Indeed, the external reserve has shed 4.4 per cent or $2.25billion year-to-date, during a period of high oil prices. So, the question is what exactly is causing the demand pressure in the foreign currency market? Unfortunately, foreign investors are negative on Naira-denominated assets, both equities, and debt instruments, as they continue to raise concern around the liquidity of the Naira and valuation of the currency.
With this depreciation of the Naira, the inflationary pressure may be exacerbated. In April, the headline inflation spiked to 16.82 per cent year-on-year, the highest rate of increase in consumer goods prices over the past eight months and a surge from 15.92 per cent in March. Now that the Naira is also under pressure and the monetary policy committee has reneged on its support for growing the economy, as reflected in the 150 basis points hike in the monetary policy rate to 13 per cent, the Nigerian masses may need to tighten their belts further.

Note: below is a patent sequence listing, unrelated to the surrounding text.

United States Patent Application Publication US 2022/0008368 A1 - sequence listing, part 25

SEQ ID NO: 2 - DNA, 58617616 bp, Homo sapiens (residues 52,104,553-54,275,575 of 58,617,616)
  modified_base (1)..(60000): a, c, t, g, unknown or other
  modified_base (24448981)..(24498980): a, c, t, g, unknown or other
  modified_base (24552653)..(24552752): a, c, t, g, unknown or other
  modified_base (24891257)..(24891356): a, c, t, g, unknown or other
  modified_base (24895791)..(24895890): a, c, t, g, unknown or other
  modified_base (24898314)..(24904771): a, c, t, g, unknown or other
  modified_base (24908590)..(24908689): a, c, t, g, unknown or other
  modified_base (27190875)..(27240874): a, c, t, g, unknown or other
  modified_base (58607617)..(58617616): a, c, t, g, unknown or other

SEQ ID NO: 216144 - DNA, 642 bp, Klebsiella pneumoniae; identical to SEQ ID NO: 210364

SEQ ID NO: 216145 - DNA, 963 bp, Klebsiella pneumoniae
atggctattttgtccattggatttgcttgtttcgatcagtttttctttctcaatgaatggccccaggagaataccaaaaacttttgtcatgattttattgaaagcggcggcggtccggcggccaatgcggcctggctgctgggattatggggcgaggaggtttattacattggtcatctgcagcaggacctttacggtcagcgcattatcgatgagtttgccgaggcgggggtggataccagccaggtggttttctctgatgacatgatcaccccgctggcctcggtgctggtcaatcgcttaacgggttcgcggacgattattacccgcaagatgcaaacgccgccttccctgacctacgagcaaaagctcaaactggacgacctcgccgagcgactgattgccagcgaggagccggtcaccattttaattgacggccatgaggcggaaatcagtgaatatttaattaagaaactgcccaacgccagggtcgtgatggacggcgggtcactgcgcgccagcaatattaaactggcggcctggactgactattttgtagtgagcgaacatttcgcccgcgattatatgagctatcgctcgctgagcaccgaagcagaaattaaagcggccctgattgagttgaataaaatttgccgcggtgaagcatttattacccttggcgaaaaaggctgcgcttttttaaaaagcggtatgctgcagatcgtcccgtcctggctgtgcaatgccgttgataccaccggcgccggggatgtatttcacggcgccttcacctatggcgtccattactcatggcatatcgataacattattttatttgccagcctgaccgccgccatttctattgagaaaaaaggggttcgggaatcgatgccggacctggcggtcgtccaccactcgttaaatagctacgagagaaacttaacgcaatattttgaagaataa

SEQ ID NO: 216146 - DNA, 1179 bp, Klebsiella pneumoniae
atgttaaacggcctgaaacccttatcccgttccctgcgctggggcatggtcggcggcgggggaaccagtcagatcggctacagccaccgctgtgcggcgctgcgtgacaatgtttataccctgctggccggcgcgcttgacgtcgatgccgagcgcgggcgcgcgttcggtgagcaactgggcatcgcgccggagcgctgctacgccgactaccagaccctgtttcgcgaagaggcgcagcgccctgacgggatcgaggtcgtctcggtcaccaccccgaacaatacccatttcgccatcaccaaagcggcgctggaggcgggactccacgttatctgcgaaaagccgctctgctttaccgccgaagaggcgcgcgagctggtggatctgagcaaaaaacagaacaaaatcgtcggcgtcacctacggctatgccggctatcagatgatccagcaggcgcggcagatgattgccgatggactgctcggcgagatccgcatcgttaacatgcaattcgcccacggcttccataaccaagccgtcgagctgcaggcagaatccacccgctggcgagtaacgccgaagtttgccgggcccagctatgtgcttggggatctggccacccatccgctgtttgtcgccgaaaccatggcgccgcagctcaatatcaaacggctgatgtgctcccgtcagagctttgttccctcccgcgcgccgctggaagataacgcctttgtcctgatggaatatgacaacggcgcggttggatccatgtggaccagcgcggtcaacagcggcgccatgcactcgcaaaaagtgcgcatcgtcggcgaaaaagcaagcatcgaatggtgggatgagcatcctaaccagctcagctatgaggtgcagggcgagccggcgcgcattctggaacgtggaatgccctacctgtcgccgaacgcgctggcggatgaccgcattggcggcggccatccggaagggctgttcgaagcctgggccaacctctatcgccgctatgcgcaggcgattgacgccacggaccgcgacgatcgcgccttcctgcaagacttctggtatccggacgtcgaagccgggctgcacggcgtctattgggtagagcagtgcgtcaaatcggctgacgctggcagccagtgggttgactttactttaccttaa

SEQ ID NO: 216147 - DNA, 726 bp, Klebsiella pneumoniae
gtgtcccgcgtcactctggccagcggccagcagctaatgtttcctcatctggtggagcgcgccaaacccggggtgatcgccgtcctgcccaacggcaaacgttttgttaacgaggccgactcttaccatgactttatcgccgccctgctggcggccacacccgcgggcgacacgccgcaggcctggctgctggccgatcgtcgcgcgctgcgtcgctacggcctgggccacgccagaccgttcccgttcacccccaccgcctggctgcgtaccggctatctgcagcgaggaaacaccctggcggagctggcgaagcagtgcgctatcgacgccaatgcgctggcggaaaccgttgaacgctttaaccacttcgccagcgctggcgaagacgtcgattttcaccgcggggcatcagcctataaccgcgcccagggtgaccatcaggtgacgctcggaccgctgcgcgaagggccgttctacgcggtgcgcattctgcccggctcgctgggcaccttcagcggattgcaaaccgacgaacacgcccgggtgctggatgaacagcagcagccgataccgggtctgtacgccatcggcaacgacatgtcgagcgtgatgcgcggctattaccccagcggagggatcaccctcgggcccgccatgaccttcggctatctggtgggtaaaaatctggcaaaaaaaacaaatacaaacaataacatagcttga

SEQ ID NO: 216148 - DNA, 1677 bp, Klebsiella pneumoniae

As if the hunger in the land is not enough, these politicians are compounding the crisis with their deliberate and inadvertent erosion of value. How would the poor innocent Nigerian cope with the “triple whammy” of rising interest rates, spiking inflation and avoidable depreciation of the Naira? How will these voiceless, marginalised, poor Nigerians survive the unfolding difficulties between now and the actual time of voting next year? This is more so given that in most of the states, governance has been shut down, as the governors are either vying for one post or are busy coordinating the visits of the presidential candidates who are scouting for votes.
While inflation and Naira depreciation are eroding the purchasing power of the already low-income people, the rising interest rate would be limiting available funds in the system, thereby undermining job creation opportunities and ultimately throwing more Nigerians into the poverty trap.
Where do we go from here?